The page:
HSE Design Methodology for Projects

STEP 6

Step 6 Demonstration of Adequacy


Final step is to demonstrate system adequacy Purpose to show that design is good enough to go to the next phases of the project: Design safety expectations have been achieved Project goals are met Risk acceptability criteria are satisfied and risk are reduced at least to ALARP level Standards used on Process Safety / Integrity Management are fully respected All Company / National Regulations will be satisfied during the next phases of project

Step 6 Demonstration of Adequacy


Elements: Concept selection process has explored inherently safer options Project has chosen a concept in which risks can be minimized and managed effectively Overall process to identify, understand and manage hazards is complete Project has made a comprehensive attempt to identify and consider all practical means to minimize risks from residual hazards at source Three primary decisions on each MAH have been documented together with all the potentially better options and reasons for their non-selection: Selection of strategy for management of each MAH Choice of systems to implement this strategy Setting of realistically achievable performance standards for each system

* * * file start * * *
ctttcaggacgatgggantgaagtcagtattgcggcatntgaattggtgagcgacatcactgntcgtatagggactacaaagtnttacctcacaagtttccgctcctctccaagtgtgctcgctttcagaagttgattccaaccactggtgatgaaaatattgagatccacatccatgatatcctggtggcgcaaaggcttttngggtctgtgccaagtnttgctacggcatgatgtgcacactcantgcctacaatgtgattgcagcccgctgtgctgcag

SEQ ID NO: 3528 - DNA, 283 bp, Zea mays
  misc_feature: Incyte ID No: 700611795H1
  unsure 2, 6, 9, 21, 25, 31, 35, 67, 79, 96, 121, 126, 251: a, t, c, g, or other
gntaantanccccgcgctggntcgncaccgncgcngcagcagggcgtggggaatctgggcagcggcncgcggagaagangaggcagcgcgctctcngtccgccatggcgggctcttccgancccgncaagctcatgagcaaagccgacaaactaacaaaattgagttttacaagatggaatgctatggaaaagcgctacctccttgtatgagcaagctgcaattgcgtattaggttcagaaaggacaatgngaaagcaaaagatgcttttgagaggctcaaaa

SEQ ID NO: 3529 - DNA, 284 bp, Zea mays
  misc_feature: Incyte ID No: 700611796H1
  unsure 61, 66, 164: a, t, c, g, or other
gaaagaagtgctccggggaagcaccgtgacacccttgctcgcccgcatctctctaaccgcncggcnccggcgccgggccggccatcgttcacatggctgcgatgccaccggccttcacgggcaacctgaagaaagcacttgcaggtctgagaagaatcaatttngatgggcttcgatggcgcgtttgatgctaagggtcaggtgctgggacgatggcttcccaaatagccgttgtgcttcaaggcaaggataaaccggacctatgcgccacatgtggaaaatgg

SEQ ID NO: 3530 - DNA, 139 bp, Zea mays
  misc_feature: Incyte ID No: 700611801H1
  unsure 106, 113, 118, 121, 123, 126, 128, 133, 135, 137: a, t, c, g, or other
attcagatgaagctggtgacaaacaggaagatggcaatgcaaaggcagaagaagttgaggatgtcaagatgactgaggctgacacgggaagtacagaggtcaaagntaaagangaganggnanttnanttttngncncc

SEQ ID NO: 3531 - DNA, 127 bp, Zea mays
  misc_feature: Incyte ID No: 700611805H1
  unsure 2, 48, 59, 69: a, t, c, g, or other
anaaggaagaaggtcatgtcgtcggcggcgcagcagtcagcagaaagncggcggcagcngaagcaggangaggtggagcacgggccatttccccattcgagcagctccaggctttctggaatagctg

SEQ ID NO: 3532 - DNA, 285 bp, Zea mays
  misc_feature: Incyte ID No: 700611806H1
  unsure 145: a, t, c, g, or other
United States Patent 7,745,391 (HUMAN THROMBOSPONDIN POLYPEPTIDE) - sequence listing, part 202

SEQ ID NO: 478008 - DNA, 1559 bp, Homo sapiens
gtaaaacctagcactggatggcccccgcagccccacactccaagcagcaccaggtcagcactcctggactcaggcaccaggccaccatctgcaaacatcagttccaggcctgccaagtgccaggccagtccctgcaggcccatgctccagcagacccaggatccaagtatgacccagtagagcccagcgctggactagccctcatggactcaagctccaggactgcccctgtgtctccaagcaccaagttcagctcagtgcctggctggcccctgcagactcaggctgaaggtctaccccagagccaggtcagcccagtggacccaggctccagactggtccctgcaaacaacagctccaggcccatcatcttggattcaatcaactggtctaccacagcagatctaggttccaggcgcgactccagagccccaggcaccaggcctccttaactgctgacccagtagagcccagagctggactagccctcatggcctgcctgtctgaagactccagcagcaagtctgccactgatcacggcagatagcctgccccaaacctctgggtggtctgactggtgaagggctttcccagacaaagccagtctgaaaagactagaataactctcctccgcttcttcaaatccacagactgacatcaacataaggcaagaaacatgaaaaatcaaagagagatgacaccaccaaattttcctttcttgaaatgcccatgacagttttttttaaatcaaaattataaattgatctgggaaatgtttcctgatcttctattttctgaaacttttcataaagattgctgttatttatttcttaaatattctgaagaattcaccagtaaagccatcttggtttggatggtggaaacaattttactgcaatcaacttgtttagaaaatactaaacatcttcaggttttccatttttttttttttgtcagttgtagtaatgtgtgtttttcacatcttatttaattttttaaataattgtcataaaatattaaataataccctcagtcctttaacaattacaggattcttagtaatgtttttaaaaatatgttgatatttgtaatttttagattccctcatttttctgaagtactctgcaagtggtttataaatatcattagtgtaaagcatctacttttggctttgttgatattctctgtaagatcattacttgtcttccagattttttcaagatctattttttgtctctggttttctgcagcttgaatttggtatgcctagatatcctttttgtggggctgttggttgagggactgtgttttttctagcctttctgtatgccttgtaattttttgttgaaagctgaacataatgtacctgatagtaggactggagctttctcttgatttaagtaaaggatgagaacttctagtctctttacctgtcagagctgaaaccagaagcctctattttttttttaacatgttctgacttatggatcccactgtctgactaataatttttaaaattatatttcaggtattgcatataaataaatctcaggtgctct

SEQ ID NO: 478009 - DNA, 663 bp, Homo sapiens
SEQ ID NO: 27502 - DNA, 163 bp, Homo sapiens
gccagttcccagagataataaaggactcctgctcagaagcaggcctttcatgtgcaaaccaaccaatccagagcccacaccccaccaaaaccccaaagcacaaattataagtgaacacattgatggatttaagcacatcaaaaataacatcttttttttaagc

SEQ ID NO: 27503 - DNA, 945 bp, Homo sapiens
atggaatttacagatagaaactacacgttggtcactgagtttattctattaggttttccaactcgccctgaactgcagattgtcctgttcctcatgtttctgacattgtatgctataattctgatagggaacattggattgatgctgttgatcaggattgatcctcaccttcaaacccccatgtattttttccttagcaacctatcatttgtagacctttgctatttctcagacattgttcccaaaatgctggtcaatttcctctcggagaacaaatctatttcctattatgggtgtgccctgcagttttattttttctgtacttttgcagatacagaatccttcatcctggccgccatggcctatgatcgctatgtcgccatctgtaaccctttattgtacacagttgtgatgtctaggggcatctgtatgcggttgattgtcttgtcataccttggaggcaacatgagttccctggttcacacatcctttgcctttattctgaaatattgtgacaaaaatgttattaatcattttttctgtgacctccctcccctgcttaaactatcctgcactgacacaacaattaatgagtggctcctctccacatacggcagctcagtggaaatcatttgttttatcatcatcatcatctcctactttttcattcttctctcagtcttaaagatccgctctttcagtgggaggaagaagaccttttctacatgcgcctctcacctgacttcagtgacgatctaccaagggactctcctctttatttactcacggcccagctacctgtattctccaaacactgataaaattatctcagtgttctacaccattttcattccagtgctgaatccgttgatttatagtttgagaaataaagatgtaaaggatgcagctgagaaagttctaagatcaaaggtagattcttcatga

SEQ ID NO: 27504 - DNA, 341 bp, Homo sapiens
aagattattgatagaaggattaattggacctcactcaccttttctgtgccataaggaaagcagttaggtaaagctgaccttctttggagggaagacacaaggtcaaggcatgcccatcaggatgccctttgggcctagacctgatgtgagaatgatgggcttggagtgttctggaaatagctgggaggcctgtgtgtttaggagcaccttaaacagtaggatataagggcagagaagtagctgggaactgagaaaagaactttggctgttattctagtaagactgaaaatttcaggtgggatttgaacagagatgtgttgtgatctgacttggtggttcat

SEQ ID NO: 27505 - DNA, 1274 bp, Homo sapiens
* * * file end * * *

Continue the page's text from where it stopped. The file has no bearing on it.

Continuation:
Step 6 Demonstration of Adequacy


Studies / Workshops to be performed: FIREPRAN Formal Safety Assessment (FSA) Peer Review ALARP Demonstration (including CBA) PHSER

ALARP Demonstration
Scope demonstrate compliance with ALARP principle Company/ ADNOC risk tolerability criteria for individual risk of fatality will be applied

ALARP Demonstration (including Cost Benefit Analysis)


RISK MAGNITUDE
Unacceptable region

Risk cannot be justified

L E V E L O F R I S K

Demonstrate that all risks are both tolerable and reduced to ALARP CBA will be used where decisions are not clear from qualitative reviews, in order to compare the costs for different options and identify the point at which the cost of risk reduction becomes grossly disproportionate.